GEORGINA FERRY has impeccable credentials as both a science and a Shakespeare buff. Having established herself as a science journalist through writing in New Scientist magazine and broadcasting on BBC Radio, she is today better known for her popular science books and scientific biographies (DOROTHY HODGKIN: A Life; THE COMMON THREAD: A Story of Science, Politics, Ethics and the Human Genome; A COMPUTER CALLED LEO: Lyons Teashops and the World’s First Office Computer; and MAX PERUTZ AND THE SECRET OF LIFE) and her articles on science and culture in the Guardian and Nature. On the theatre side, she is a founder member of the Abbey Shakespeare Players, who have performed each August for 23 years to sellout audiences in St Dogmaels Abbey, Pembrokeshire. In this capacity she has played roles from Miranda in The Tempest to Cerimon in Pericles, and directed productions of Henry V, Much Ado About Nothing and Henry IV Part I and Part II. She lives in Oxford.
Short and entertaining, ROUGH MAGIC is intended as much for people interested in science as for those interested in Shakespeare. In it, the acclaimed science writer and theatre aficionado Georgina Ferry uses the works of Shakespeare to illustrate our understanding of life and the Universe on the eve of the scientific revolution. It is a book about science, but also about magic and religious belief, common sense and superstition. With Shakespeare’s help, she shows how our view of the material world has been transformed since his time, and asks whether we ourselves have changed, too.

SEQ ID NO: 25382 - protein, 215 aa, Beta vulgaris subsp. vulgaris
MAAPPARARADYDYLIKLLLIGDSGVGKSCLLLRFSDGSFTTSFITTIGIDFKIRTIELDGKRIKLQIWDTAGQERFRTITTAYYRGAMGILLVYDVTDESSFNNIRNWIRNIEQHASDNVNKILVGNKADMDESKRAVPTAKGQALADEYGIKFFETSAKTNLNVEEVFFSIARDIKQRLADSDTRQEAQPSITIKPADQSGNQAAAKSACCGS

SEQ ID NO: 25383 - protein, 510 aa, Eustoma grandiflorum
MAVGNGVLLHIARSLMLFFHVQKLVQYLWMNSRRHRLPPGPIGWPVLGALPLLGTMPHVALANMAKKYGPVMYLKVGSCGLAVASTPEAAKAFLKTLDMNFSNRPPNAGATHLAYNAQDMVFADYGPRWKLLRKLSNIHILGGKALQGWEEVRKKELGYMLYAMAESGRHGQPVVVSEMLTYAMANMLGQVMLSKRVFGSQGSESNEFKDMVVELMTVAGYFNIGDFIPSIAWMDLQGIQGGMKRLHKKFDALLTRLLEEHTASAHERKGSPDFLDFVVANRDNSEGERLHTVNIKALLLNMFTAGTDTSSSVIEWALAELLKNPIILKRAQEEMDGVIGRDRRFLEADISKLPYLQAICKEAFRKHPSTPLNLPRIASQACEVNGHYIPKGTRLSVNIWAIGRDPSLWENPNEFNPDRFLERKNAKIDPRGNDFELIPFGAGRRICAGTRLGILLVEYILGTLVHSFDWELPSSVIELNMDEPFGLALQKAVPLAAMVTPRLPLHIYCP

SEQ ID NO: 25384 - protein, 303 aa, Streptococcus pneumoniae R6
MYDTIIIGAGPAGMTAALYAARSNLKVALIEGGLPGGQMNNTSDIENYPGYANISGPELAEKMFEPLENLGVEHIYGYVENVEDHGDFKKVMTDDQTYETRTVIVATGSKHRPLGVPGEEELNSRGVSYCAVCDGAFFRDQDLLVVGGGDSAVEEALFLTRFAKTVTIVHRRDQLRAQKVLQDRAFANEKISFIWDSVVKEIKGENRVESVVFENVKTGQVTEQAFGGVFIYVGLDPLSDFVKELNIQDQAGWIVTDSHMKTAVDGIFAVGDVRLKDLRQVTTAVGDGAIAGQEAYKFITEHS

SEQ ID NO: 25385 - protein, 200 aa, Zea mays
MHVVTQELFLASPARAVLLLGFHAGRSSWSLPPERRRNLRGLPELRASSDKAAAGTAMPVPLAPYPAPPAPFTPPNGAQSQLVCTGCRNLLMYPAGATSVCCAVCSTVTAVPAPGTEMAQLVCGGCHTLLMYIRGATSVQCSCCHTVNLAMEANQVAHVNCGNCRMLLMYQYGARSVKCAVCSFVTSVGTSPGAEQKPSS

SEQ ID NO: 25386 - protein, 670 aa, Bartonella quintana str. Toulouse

The last time anything similar was attempted was Cumberland Clark’s 1929 book Shakespeare and Science, since when there has been a great deal more Shakespeare scholarship, and some fascinating studies of the science of the Elizabethan/Jacobean period.
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